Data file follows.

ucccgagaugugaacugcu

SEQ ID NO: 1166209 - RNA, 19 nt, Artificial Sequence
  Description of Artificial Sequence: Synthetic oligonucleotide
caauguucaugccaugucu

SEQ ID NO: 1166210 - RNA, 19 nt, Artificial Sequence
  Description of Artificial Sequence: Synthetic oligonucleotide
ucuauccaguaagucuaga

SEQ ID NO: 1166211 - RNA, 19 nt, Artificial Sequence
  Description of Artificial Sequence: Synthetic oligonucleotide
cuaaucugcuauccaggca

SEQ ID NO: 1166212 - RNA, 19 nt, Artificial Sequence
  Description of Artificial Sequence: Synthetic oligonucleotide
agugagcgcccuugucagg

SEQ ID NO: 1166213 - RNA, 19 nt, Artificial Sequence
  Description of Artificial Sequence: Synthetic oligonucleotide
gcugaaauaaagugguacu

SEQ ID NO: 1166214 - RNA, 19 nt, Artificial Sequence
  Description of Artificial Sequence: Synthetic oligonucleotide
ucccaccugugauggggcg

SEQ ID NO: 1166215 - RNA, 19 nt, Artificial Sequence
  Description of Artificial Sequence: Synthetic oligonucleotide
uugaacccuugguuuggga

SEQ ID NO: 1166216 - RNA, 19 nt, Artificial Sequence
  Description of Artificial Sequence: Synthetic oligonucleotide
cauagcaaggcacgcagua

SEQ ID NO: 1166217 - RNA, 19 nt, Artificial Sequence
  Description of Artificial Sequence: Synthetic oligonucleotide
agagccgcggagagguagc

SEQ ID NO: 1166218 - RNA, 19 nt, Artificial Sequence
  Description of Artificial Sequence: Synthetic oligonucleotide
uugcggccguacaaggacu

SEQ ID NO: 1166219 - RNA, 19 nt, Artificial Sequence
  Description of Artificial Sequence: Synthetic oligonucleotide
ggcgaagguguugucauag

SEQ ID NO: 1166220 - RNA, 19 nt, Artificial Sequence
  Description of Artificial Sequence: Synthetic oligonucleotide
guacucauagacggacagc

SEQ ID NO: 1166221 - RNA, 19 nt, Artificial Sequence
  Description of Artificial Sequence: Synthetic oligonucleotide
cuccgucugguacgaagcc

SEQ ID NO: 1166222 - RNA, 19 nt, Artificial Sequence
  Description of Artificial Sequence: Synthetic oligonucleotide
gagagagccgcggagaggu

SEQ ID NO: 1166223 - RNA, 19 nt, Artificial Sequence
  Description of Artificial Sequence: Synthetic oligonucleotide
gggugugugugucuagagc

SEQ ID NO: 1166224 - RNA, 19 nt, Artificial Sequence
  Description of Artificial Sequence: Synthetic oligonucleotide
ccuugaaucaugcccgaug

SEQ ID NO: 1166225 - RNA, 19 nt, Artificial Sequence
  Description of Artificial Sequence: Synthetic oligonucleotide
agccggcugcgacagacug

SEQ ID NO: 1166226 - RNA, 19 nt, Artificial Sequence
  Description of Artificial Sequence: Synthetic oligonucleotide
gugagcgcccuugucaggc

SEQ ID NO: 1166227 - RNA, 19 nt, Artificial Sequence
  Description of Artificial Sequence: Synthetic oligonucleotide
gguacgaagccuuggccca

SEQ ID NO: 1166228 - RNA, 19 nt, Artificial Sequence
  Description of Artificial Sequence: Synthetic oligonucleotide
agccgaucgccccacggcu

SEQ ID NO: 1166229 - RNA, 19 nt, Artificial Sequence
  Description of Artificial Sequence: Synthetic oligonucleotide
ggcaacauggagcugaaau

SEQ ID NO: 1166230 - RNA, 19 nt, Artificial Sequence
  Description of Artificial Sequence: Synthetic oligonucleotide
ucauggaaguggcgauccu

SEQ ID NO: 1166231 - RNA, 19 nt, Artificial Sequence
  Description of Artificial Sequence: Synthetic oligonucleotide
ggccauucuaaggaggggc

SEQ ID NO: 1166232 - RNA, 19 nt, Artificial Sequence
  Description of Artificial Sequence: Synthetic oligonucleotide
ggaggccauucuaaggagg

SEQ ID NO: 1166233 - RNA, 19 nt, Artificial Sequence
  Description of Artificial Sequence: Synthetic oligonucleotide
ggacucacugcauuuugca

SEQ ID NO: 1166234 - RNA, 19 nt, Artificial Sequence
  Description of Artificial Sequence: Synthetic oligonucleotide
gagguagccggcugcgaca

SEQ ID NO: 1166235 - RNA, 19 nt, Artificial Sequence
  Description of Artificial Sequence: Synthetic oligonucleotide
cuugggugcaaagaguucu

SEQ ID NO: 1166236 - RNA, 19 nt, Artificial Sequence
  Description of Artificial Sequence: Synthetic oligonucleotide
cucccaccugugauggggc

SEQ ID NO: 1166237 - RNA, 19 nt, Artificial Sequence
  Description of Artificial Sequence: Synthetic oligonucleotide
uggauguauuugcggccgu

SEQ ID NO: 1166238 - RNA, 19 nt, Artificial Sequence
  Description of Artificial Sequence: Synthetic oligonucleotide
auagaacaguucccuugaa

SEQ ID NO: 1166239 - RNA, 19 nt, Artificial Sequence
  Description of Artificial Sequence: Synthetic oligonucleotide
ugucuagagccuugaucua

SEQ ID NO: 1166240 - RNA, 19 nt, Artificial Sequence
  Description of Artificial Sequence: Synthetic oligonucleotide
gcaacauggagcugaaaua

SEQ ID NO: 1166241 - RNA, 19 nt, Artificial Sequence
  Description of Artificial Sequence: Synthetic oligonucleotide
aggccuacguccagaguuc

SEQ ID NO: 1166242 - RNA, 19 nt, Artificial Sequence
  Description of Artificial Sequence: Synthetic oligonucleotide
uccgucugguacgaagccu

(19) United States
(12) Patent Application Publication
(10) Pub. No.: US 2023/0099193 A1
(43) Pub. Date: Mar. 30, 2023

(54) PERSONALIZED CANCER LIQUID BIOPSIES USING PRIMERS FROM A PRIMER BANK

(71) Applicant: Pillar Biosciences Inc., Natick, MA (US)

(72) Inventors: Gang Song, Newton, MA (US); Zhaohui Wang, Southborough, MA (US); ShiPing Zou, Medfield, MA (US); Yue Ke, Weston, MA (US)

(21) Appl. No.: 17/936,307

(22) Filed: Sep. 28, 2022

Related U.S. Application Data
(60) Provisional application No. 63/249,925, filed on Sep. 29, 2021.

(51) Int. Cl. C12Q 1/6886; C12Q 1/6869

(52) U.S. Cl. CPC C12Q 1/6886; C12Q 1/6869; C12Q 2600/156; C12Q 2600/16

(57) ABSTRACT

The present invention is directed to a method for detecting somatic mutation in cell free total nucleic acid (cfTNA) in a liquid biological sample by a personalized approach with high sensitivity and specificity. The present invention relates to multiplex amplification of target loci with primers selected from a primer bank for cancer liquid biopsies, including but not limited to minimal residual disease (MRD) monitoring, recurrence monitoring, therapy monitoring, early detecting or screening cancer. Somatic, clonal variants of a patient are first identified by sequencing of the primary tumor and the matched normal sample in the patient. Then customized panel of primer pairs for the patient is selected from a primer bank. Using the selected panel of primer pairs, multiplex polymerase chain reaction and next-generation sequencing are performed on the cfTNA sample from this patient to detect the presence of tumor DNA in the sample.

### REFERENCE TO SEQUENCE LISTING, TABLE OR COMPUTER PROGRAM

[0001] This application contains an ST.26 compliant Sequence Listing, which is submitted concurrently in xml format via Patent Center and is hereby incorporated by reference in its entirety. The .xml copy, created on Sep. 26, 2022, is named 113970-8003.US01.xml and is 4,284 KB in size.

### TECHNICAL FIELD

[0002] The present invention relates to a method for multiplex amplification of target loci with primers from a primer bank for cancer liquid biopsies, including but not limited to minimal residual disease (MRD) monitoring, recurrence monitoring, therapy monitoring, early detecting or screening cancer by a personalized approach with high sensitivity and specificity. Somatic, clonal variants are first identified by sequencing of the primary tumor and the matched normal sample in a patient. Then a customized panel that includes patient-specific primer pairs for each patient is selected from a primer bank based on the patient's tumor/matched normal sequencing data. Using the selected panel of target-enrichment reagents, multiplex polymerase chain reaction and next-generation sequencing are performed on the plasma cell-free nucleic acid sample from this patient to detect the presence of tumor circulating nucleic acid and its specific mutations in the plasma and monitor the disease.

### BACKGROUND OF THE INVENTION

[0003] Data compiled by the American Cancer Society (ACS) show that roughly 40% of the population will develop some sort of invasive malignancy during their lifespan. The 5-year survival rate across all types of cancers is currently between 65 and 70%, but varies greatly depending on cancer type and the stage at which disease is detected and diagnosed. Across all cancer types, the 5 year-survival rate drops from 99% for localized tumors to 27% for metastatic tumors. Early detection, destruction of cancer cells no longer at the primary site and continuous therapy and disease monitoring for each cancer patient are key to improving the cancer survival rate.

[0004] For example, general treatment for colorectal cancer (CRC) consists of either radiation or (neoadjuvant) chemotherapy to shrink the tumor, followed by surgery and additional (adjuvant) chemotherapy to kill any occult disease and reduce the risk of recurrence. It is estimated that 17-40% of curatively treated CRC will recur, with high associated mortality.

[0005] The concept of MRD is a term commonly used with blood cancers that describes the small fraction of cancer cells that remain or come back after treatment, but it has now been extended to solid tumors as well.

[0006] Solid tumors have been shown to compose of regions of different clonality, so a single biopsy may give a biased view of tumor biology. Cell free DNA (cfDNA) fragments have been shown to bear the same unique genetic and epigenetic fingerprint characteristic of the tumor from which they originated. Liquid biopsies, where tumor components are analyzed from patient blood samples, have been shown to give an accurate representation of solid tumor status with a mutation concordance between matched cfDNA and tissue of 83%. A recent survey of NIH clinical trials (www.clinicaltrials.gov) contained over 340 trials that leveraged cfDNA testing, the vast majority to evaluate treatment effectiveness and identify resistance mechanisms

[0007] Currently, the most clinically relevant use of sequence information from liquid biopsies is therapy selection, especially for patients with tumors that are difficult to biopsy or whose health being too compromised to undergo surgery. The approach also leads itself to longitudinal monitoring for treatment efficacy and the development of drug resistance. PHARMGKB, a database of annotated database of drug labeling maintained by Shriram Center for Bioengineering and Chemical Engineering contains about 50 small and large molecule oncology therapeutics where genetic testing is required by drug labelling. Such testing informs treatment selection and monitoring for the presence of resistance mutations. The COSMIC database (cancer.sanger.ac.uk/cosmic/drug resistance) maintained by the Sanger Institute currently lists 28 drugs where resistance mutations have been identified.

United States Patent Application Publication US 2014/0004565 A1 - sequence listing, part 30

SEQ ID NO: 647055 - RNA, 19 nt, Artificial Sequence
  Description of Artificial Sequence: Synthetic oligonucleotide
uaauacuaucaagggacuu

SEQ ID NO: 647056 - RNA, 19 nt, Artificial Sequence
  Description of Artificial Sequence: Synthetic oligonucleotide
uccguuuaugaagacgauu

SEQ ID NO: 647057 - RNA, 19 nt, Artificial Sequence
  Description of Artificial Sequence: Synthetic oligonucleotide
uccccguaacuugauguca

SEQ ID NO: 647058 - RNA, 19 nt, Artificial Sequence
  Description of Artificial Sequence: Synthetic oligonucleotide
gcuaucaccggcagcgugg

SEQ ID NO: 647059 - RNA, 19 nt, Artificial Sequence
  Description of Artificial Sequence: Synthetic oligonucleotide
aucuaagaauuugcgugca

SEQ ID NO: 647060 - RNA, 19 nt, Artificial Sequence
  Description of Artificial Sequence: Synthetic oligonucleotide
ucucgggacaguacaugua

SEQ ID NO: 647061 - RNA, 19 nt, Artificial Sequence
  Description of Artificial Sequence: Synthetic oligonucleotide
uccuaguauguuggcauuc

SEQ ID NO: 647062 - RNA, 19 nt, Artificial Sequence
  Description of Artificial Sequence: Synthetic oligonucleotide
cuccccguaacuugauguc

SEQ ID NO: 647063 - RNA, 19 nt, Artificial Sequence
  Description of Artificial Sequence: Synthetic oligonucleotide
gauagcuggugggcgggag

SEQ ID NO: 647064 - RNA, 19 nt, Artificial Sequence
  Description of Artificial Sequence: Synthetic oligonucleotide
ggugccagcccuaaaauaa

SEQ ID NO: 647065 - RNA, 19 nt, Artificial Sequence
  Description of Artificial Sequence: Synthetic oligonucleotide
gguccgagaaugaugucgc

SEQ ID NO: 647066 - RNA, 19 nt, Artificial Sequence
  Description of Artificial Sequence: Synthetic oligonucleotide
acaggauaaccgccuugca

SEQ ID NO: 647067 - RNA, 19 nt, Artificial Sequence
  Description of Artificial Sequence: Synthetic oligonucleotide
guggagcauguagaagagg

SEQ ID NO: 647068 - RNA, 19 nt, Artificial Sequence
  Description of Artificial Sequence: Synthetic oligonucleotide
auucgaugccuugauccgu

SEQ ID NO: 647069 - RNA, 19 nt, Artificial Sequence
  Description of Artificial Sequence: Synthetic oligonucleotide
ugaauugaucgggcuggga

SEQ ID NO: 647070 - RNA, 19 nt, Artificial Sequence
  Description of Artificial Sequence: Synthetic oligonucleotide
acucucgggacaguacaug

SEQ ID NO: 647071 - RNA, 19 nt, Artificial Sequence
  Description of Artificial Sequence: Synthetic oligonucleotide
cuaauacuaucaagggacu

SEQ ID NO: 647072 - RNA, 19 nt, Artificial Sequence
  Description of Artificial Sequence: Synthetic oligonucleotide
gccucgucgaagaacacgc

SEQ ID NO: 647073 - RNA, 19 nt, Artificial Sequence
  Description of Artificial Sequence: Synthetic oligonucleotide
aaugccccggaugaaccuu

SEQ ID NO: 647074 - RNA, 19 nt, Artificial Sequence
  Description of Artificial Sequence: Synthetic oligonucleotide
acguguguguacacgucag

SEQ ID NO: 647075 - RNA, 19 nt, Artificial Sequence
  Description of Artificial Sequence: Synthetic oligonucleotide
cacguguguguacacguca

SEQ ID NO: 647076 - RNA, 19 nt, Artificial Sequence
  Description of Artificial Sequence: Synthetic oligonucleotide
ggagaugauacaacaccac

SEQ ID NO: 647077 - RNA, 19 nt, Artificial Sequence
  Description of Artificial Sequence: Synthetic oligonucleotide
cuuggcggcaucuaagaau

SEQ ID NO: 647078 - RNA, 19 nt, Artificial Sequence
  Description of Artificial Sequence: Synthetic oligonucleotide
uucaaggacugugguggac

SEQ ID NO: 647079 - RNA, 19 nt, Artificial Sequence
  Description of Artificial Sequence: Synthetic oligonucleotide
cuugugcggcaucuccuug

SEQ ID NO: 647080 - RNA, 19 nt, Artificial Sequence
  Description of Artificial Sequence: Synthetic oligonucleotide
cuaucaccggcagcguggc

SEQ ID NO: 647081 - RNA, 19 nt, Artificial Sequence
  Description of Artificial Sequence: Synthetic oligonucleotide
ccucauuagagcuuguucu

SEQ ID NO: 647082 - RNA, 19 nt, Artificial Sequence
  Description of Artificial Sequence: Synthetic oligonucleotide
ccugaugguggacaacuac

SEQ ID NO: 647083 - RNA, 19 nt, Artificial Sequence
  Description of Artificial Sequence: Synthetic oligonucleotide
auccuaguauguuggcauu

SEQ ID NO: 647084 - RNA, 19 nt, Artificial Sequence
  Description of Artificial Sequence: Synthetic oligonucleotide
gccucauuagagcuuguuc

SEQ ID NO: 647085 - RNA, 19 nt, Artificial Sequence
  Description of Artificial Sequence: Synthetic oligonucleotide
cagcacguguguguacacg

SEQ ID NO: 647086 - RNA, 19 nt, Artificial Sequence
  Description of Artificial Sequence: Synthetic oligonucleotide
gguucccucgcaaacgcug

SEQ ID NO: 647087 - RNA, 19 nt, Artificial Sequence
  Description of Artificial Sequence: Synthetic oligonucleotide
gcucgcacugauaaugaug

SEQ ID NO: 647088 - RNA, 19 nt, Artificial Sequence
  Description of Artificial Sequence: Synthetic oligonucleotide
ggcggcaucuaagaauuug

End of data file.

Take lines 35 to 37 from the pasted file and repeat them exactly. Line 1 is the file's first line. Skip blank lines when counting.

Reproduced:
SEQ ID NO: 1166220 - RNA, 19 nt, Artificial Sequence
  Description of Artificial Sequence: Synthetic oligonucleotide
guacucauagacggacagc